November 26, 2009 10:09pm CST
I have a high metabolism so I don't really gain much weight. I eat a lot, but don't gain. I'm around 140 lbs. Do any of you have this? Can anyone give me some advice on how to gain some weight? I workout as well and my muscles are mostly what make up my weight. It harder to gain muscle mass due to my genetics. I'm pretty strong though and a lot of people underestimate me.
• United States
28 Nov 09
I agree with response number 11. Protein shakes and drinks will help, and yes, they are expensive. You already said you eat alot all day, so trying to stuff yourself with more food won't work. You seem to be doing fine right now so I think the protein drinks will help solve your problem. But do eat healthy, not just garbage all day. Good Luck!
28 Nov 09
Glad to see someone agree with me. Yes, they do help, but you'll have to consume it on a continuous basis. This kind of things will normally shows its effects after 3 months of intake, so don't go complaining around if you don't see any changes in your weight in the first month. You need to have a lot of patience and perseverance.
27 Nov 09
I've just lost a load of weight. I was never porky (had the same issue as you: high metabolic rate), but now I'm quite skinny... I lost weight by ditching carbohydrates (e.g. pasta, potatoes, rice, wheat, etc.), so perhaps you'd be able to gain weight by eating stodge? I wouldn't recommend it, though - it makes you feel all bloated and useless! Why do you want to gain weight?
• United States
27 Nov 09
Increasing your intake of junk foods and greasy foods is not a good way to gain weight. Junk foods usually contain unhealthy trans fats or saturated fats. Even though you need to increase your calorie consumption to gain weight, those calories should come from foods that are good for you. Healthy fats include omega-3 essential fatty acids sources like tuna, salmon, flax, and walnuts. Good sources of protein include lean meats, fish, poultry, nuts, seeds and legumes. Healthy carbohydrate sources include fruits, vegetables and whole grains. It may be easier to eat five or six smaller balanced meals per day rather than eating three large meals, especially if you are not used to eating much at one sitting. Protein powders and nutritional supplement drinks such as Ensure can be added as in-between meal snacks if you still need more calories. Some protein powders are flavored and only need added water and some others can be blended with your choice of juice or milk to improve the taste. It would also be a healthy idea to add a small amount of flax seed oil and some psyllium powder to add some omega-3 essential fatty acids and extra fiber. Dietary Supplements and Gaining Weight A high-quality multivitamin and mineral supplement is a good idea to make sure you are getting all of the vitamins and minerals you need. Some people find that their muscle mass increases with protein supplements that contain certain blends of amino acids such as creatine (buy direct) and glutamine (buy direct). Some people who are very ill may need liquid nutritional preparations that are available through their doctors. Exercise is also important for healthy weight gain. Resistance training exercises such as lifting weights will help to increase your muscle size. Aerobic exercises such as running and stationary bicycling are better for fat loss and excessive aerobic training may cause you to lose more weight. Resistance training can be done at a health club, gym or at home with the proper equipment. Remember that it can take a while to gain the weight you need, but be patient and continue to choose healthy foods until you reach your goal weight. Use these tips and tools to help gain weight: * Start with this Calorie and Nutrition Guide to find out how many calories you will need to reach the weight you desire.* Use a food diary to track your calorie intake to be sure you are getting all of the calories and foods that you need.* You can also use an online program such as Calorie Count Plus to track your calorie intake, your exercise and your changes in weight. Calorie Count Plus has a large data base of nutrition information for almost any food you like to eat.* Add healthy calories to breakfast with an extra slice of whole-grain toast and peanut butter.* Mid-morning and afternoon snacks should be nutritious, not junk. Trail mixes contain healthy nuts, dried fruits and can add healthy calories to your diet.* Don't add calories to your meals by choosing unhealthy fried foods such as french fries, chicken nuggets and fish sticks. Choose healthy foods such as baked potatoes, baked chicken and fish, just make your portions a bit bigger.* Keep your meals balanced. One meal should have a healthy protein source such as fish, low fat meat, chicken or legumes plus two or three servings of vegetables. Green vegetables add lots of vitamins and phytonutrients while starchy potatoes and corn add extra calories.* Drink healthy beverages such as milk and fruit juices to add calories. Don't choose sugary sodas, which only add calories and no nutrition.* Design a weight training program with help from About.com's exercise site and our weight training site.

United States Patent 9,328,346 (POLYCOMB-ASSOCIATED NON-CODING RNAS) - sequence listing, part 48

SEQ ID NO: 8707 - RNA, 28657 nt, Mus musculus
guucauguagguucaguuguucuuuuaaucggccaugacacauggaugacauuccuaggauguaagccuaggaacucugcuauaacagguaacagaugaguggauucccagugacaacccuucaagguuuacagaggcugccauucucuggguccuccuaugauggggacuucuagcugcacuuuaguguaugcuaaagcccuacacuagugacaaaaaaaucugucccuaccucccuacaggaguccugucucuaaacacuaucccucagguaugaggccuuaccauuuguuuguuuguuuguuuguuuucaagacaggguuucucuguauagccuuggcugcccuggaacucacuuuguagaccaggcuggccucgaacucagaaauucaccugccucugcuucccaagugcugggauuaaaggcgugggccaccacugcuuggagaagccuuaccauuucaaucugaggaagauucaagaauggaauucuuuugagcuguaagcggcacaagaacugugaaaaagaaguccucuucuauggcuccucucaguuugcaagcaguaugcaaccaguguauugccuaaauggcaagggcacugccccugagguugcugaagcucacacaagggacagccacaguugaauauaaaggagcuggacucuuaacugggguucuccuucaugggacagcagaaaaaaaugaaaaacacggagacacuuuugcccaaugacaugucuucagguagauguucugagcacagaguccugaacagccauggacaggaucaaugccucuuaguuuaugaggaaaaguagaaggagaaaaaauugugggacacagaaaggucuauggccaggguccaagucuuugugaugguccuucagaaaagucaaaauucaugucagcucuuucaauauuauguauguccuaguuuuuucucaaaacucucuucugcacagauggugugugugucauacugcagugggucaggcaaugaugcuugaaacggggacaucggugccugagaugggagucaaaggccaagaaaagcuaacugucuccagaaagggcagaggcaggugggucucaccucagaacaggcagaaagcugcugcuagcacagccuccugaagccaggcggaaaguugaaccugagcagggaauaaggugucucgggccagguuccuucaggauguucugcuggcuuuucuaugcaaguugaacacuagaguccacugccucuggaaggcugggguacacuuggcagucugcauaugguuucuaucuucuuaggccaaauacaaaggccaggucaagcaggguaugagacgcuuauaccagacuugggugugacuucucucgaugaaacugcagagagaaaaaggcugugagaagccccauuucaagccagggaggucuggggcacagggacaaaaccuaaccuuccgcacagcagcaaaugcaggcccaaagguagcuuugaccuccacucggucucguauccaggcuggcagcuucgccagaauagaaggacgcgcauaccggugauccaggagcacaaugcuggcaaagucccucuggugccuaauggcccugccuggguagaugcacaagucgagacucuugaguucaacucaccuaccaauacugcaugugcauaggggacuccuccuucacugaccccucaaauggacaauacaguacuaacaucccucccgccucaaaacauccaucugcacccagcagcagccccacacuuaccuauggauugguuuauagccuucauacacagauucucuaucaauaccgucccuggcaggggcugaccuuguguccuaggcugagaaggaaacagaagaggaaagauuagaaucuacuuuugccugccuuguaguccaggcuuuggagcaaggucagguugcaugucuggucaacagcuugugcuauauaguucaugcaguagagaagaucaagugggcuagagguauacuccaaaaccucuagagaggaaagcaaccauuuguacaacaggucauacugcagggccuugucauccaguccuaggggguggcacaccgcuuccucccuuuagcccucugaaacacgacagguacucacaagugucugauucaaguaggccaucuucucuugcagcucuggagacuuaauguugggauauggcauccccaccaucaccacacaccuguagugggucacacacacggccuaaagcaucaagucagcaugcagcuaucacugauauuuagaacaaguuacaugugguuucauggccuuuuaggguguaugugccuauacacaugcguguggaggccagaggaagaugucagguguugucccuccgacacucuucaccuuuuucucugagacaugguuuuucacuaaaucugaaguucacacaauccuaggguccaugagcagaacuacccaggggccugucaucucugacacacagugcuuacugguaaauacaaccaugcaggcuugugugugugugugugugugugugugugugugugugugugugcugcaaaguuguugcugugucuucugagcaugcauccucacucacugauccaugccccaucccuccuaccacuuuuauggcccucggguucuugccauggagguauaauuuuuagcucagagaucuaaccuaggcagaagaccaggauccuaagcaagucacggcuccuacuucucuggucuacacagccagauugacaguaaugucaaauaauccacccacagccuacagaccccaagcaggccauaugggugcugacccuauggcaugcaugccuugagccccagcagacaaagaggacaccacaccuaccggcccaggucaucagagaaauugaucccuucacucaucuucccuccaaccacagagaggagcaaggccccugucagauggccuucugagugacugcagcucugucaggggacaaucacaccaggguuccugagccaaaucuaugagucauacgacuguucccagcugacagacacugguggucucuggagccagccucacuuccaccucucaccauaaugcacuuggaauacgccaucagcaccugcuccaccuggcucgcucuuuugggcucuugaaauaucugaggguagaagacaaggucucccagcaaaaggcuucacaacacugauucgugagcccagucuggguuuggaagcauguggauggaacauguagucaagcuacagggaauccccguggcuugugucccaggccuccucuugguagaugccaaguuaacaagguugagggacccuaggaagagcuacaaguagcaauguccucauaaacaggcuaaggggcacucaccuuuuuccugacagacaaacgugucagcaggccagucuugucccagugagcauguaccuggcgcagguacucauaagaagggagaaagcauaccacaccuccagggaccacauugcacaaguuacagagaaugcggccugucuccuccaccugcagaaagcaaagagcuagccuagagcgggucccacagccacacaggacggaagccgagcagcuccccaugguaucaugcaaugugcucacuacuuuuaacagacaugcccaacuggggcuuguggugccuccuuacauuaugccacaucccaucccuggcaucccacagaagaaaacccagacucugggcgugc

• United States
27 Nov 09
Thank you for all of this information. I should probably take into consideration in eating 6 smaller portion meals rather than 3 large meals. I usually have 3 large meals a day. Maybe this is the problem. I'll try out these methods of gaining weight.
27 Nov 09
I had the same problem when I was younger. Now matter how much I ate, I rarely gain weight. Then I started working out. My body mass was just replace by muscles, yet my weight was still the same. Then I had an appendectomy. So I had to stop working out for a few months. But, my food intake never changed when I was working out. I was fond of eating rice back then. And I would chop some hard boiled egg and mixed it up with the rice. Plus whatever meat I was eating, I started to gain weight. Fast forward 15 years later, now I couldn't stop gaining weight. Of course it is good to consider everything greyhatter wrote up there.